Can News Corp. afford calling Google's bluff?

Google makes it easy to remove content from its search engine, but few companies do because of the loss of traffic. News Corp., with help from Microsoft, could change that.

Tom Krazit Former Staff writer, CNET News
Tom Krazit writes about the ever-expanding world of Google, as the most prominent company on the Internet defends its search juggernaut while expanding into nearly anything it thinks possible. He has previously written about Apple, the traditional PC industry, and chip companies. E-mail Tom.
Tom Krazit
4 min read

It was inevitable that someone would seriously consider taking Google's dare.

Rupert Murdoch is reportedly thinking about removing all of News Corp.'s content from Google and striking an exclusive deal with Microsoft's Bing. Dan Farber/CNET

For years, Google has all but dared traditional media companies trying to develop online businesses to live without the traffic it sends their way. The folks at the Googleplex make it clear that content owners who believe Google is unfairly indexing (or stealing, depending on your point of view) their content can easily remove that content from Google's massive corner of the Internet.

There's a tradeoff for that independence, of course: Don't expect the advertisers that have signed deals based on site traffic to pay the same amount next year.

News Corp. might be getting ready to do what many think is unthinkable. Reports have surfaced over the last several months, most recently in the Financial Times, that News Corp. is in talks with Microsoft to enact a plan that would see News Corp. properties hiding their content from Google's search engine in return for exclusive listing with Bing.

Rupert Murdoch, News Corp.'s famously cantankerous leader, isn't stupid: Microsoft would also have to pay News Corp. for the privilege of exclusive access to that content. But as Microsoft continues to lose billions of dollars a year on its online business, can it afford to be successful with this strategy?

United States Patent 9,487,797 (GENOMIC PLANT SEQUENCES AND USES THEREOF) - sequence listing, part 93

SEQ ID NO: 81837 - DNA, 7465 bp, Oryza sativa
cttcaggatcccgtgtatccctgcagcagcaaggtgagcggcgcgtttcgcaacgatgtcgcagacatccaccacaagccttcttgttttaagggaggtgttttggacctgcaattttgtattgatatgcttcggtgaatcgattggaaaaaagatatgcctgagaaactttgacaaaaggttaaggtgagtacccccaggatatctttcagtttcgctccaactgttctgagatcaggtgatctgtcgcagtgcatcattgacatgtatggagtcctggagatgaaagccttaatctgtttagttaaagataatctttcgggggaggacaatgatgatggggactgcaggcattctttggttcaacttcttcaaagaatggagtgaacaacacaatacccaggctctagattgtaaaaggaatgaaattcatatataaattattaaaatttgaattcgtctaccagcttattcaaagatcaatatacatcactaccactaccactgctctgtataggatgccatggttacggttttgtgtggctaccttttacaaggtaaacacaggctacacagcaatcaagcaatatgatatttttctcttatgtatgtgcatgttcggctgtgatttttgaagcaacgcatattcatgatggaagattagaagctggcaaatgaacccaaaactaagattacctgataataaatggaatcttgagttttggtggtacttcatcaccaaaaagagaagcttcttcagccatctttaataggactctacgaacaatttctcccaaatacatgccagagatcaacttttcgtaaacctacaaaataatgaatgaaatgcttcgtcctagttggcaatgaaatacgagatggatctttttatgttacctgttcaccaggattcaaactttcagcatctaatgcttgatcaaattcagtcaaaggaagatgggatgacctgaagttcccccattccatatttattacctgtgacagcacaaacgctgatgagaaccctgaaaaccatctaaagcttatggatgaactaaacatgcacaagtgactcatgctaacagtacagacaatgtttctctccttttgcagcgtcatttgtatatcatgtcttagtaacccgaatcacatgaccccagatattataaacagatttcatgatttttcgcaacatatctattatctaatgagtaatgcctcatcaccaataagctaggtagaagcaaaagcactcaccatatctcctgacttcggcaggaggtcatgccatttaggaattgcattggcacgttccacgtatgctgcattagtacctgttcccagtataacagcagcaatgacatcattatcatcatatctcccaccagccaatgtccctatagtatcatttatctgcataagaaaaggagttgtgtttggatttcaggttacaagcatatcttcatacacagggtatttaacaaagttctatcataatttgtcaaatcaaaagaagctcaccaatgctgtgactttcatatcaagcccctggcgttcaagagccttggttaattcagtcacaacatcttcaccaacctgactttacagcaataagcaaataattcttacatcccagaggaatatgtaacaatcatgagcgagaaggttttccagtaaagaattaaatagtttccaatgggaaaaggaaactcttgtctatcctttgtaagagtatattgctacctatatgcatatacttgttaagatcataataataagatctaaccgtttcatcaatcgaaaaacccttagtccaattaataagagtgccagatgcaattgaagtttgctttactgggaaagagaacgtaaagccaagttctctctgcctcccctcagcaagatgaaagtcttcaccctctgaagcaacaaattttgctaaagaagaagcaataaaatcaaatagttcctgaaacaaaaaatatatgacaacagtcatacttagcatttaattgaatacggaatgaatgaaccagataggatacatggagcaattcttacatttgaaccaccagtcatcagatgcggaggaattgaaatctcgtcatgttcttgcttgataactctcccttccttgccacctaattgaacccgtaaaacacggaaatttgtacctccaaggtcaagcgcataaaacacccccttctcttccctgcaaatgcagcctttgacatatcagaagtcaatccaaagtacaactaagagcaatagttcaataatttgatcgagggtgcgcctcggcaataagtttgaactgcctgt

Even if Microsoft is willing to cough up a huge sum (which Kara Swisher at Boomtown thinks is unlikely) for News Corp. content, this plan would only have a chance of turning the tables on Google if News Corp. and Microsoft can convince other large media companies to follow their lead.

First off, the practice of actually removing News Corp. content from Google would be relatively simple. News stories from The Wall Street Journal, commentary from The New York Post, and videos from News Corp.'s myriad cable and satellite television organizations can be tagged with a "noindex" tag, and Google won't index those pages as they are published. This also applies to pages that have been previously indexed, since they will be crawled again, this time with the new tag attached.

However, News Corp. would then need a backup plan to compensate for the revenue it would lose from the precipitous drop in traffic. With 65 percent of the search market, Google is the largest Web site in the world as measured by traffic. And its stated goal is to be the best information kiosk ever created by fielding queries and sending searchers on their way as fast as possible.

Murdoch has proposed removing his Web sites from Google only after constructing pay walls like the one used at the Wall Street Journal to limit free access to content, which is a somewhat controversial notion in this media era.